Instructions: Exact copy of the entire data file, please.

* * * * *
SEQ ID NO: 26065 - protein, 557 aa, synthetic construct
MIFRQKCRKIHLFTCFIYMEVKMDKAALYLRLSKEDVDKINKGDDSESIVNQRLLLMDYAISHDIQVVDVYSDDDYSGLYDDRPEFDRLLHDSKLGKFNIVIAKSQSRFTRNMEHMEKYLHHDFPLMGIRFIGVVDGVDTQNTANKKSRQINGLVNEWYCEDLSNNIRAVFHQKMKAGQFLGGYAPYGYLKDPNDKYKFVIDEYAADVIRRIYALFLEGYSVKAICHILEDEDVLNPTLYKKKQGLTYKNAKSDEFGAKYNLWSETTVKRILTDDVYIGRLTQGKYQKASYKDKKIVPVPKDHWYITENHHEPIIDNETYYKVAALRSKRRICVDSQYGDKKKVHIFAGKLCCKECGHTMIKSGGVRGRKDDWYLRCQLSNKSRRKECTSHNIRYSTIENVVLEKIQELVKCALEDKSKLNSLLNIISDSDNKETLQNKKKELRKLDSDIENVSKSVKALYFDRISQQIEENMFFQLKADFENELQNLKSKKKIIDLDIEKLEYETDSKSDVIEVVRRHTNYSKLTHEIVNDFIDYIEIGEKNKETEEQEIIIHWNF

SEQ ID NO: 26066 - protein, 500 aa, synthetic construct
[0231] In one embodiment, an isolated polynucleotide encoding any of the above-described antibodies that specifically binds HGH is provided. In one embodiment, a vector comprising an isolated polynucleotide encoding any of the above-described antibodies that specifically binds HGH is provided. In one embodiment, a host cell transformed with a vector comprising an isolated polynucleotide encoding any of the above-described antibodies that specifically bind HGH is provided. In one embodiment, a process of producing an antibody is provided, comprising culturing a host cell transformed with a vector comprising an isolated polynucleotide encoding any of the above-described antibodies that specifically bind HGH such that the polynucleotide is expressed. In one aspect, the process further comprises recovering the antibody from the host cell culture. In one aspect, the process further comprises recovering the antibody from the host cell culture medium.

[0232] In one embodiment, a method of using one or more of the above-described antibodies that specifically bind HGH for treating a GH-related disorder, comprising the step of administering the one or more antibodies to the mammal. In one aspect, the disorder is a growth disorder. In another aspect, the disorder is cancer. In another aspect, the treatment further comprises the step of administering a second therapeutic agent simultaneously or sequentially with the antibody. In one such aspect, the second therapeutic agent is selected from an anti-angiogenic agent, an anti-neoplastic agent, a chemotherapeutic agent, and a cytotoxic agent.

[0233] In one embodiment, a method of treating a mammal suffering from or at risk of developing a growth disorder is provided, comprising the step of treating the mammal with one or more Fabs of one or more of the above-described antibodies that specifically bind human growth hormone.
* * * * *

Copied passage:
SEQ ID NO: 26065 - protein, 557 aa, synthetic construct
MIFRQKCRKIHLFTCFIYMEVKMDKAALYLRLSKEDVDKINKGDDSESIVNQRLLLMDYAISHDIQVVDVYSDDDYSGLYDDRPEFDRLLHDSKLGKFNIVIAKSQSRFTRNMEHMEKYLHHDFPLMGIRFIGVVDGVDTQNTANKKSRQINGLVNEWYCEDLSNNIRAVFHQKMKAGQFLGGYAPYGYLKDPNDKYKFVIDEYAADVIRRIYALFLEGYSVKAICHILEDEDVLNPTLYKKKQGLTYKNAKSDEFGAKYNLWSETTVKRILTDDVYIGRLTQGKYQKASYKDKKIVPVPKDHWYITENHHEPIIDNETYYKVAALRSKRRICVDSQYGDKKKVHIFAGKLCCKECGHTMIKSGGVRGRKDDWYLRCQLSNKSRRKECTSHNIRYSTIENVVLEKIQELVKCALEDKSKLNSLLNIISDSDNKETLQNKKKELRKLDSDIENVSKSVKALYFDRISQQIEENMFFQLKADFENELQNLKSKKKIIDLDIEKLEYETDSKSDVIEVVRRHTNYSKLTHEIVNDFIDYIEIGEKNKETEEQEIIIHWNF

SEQ ID NO: 26066 - protein, 500 aa, synthetic construct
[0231] In one embodiment, an isolated polynucleotide encoding any of the above-described antibodies that specifically binds HGH is provided. In one embodiment, a vector comprising an isolated polynucleotide encoding any of the above-described antibodies that specifically binds HGH is provided. In one embodiment, a host cell transformed with a vector comprising an isolated polynucleotide encoding any of the above-described antibodies that specifically bind HGH is provided. In one embodiment, a process of producing an antibody is provided, comprising culturing a host cell transformed with a vector comprising an isolated polynucleotide encoding any of the above-described antibodies that specifically bind HGH such that the polynucleotide is expressed. In one aspect, the process further comprises recovering the antibody from the host cell culture. In one aspect, the process further comprises recovering the antibody from the host cell culture medium.

[0232] In one embodiment, a method of using one or more of the above-described antibodies that specifically bind HGH for treating a GH-related disorder, comprising the step of administering the one or more antibodies to the mammal. In one aspect, the disorder is a growth disorder. In another aspect, the disorder is cancer. In another aspect, the treatment further comprises the step of administering a second therapeutic agent simultaneously or sequentially with the antibody. In one such aspect, the second therapeutic agent is selected from an anti-angiogenic agent, an anti-neoplastic agent, a chemotherapeutic agent, and a cytotoxic agent.

[0233] In one embodiment, a method of treating a mammal suffering from or at risk of developing a growth disorder is provided, comprising the step of treating the mammal with one or more Fabs of one or more of the above-described antibodies that specifically bind human growth hormone.